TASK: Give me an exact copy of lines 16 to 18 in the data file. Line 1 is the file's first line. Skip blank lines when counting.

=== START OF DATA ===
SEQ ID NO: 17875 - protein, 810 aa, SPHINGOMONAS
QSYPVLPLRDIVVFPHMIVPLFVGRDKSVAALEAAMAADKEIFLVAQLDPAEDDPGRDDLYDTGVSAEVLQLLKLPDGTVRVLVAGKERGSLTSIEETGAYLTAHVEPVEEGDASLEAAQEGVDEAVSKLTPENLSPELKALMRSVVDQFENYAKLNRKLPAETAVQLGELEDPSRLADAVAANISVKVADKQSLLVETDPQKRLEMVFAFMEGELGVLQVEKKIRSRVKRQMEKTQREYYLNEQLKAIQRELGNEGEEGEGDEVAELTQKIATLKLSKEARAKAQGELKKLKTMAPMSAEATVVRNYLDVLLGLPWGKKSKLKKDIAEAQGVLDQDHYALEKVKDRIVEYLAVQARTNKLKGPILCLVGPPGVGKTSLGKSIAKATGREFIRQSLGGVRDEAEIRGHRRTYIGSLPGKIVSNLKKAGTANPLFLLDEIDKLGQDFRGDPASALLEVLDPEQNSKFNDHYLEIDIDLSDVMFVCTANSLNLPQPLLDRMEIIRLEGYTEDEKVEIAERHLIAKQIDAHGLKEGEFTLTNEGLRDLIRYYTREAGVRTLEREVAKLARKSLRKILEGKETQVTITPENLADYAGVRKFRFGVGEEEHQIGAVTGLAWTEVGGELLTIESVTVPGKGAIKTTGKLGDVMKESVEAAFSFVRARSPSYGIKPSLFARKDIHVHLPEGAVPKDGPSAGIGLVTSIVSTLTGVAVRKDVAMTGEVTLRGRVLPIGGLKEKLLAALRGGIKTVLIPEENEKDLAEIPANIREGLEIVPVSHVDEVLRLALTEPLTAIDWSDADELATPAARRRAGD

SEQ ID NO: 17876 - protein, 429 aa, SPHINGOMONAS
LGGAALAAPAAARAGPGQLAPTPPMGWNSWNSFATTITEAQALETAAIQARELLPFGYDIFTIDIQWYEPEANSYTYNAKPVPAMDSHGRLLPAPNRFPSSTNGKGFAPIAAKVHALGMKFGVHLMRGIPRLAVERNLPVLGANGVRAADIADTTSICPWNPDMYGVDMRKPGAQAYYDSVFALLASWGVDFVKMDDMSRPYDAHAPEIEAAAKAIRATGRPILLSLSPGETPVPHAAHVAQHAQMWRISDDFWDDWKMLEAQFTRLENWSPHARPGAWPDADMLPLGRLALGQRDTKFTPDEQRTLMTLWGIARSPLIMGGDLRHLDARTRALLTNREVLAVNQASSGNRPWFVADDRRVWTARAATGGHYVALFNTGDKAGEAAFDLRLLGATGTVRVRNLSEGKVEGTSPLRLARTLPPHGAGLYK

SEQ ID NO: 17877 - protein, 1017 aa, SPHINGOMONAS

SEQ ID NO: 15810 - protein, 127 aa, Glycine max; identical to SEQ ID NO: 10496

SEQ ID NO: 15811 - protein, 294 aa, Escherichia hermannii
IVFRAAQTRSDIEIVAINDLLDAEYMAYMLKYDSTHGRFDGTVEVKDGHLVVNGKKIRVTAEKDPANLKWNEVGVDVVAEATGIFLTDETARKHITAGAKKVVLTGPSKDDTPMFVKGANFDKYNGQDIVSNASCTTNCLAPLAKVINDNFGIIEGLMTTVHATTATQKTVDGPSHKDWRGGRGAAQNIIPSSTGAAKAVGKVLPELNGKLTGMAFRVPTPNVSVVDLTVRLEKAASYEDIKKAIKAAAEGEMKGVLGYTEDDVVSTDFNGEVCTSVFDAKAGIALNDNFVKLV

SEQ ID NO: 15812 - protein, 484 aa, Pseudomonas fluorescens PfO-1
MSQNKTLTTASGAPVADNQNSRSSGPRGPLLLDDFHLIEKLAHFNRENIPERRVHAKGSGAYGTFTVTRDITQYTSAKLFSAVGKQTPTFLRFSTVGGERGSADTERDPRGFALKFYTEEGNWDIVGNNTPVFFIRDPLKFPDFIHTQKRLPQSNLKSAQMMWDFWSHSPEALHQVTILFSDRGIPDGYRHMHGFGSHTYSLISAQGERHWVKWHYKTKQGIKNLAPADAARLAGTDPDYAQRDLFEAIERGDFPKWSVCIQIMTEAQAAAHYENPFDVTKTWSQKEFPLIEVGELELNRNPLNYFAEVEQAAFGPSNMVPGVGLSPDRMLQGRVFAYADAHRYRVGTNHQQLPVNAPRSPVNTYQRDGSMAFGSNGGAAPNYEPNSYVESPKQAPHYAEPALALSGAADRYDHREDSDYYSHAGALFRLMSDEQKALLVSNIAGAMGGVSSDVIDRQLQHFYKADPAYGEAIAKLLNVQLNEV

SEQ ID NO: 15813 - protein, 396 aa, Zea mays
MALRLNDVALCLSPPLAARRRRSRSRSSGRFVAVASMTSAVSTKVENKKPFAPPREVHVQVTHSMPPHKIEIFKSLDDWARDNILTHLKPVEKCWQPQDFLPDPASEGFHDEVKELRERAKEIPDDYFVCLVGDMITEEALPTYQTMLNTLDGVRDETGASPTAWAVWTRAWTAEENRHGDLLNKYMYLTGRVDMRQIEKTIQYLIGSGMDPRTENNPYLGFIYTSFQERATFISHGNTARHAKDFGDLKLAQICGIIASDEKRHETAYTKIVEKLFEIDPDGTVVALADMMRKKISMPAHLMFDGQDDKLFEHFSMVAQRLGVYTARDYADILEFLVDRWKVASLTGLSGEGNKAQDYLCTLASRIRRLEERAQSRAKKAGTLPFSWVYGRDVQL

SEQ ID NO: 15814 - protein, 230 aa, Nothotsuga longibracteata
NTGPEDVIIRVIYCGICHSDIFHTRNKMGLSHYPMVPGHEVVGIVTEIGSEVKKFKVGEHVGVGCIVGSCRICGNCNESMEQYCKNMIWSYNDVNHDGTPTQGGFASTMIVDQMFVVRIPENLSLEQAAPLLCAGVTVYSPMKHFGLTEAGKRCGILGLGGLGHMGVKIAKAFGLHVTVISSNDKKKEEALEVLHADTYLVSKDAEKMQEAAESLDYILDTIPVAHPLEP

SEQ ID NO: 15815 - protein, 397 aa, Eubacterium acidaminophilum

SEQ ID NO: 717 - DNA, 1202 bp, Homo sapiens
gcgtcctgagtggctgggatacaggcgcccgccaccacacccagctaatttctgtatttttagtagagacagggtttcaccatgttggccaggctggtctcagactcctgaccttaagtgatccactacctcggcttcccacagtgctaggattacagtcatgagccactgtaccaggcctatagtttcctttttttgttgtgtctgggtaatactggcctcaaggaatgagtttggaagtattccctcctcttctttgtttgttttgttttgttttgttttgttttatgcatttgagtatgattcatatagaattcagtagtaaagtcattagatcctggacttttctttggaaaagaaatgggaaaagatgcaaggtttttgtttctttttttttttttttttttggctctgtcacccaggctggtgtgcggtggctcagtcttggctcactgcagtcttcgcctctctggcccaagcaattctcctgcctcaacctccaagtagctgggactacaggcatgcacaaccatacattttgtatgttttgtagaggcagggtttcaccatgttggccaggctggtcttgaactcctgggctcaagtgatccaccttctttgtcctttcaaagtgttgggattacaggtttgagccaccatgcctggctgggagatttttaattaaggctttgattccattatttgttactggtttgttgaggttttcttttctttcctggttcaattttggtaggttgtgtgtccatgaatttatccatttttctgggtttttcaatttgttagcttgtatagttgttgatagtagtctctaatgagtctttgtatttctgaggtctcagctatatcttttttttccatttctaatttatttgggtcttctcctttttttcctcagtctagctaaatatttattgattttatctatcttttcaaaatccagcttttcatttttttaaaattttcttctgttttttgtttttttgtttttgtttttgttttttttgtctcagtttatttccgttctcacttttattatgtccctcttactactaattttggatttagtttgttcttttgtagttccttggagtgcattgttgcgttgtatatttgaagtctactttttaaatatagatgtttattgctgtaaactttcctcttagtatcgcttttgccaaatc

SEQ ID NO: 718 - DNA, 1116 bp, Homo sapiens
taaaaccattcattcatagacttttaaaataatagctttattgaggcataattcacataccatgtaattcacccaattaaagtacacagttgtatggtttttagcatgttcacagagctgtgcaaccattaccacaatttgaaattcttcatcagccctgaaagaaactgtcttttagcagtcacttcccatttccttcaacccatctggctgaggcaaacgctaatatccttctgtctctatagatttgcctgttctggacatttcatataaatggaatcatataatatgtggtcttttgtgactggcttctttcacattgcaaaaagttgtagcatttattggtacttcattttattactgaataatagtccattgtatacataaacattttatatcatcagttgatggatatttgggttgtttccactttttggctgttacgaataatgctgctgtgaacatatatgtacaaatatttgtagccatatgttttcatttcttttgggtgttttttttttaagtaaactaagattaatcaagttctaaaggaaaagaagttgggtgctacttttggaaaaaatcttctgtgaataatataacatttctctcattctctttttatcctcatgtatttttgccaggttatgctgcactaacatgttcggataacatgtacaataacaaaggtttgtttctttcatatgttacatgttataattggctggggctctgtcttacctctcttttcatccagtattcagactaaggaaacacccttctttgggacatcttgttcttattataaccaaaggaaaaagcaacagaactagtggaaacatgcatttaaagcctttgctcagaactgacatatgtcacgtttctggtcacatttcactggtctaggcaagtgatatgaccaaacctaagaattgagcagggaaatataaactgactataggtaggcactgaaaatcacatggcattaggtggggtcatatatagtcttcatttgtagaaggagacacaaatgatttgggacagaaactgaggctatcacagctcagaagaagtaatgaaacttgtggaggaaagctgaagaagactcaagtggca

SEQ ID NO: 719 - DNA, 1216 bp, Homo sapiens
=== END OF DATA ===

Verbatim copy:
SEQ ID NO: 717 - DNA, 1202 bp, Homo sapiens
gcgtcctgagtggctgggatacaggcgcccgccaccacacccagctaatttctgtatttttagtagagacagggtttcaccatgttggccaggctggtctcagactcctgaccttaagtgatccactacctcggcttcccacagtgctaggattacagtcatgagccactgtaccaggcctatagtttcctttttttgttgtgtctgggtaatactggcctcaaggaatgagtttggaagtattccctcctcttctttgtttgttttgttttgttttgttttgttttatgcatttgagtatgattcatatagaattcagtagtaaagtcattagatcctggacttttctttggaaaagaaatgggaaaagatgcaaggtttttgtttctttttttttttttttttttggctctgtcacccaggctggtgtgcggtggctcagtcttggctcactgcagtcttcgcctctctggcccaagcaattctcctgcctcaacctccaagtagctgggactacaggcatgcacaaccatacattttgtatgttttgtagaggcagggtttcaccatgttggccaggctggtcttgaactcctgggctcaagtgatccaccttctttgtcctttcaaagtgttgggattacaggtttgagccaccatgcctggctgggagatttttaattaaggctttgattccattatttgttactggtttgttgaggttttcttttctttcctggttcaattttggtaggttgtgtgtccatgaatttatccatttttctgggtttttcaatttgttagcttgtatagttgttgatagtagtctctaatgagtctttgtatttctgaggtctcagctatatcttttttttccatttctaatttatttgggtcttctcctttttttcctcagtctagctaaatatttattgattttatctatcttttcaaaatccagcttttcatttttttaaaattttcttctgttttttgtttttttgtttttgtttttgttttttttgtctcagtttatttccgttctcacttttattatgtccctcttactactaattttggatttagtttgttcttttgtagttccttggagtgcattgttgcgttgtatatttgaagtctactttttaaatatagatgtttattgctgtaaactttcctcttagtatcgcttttgccaaatc

SEQ ID NO: 718 - DNA, 1116 bp, Homo sapiens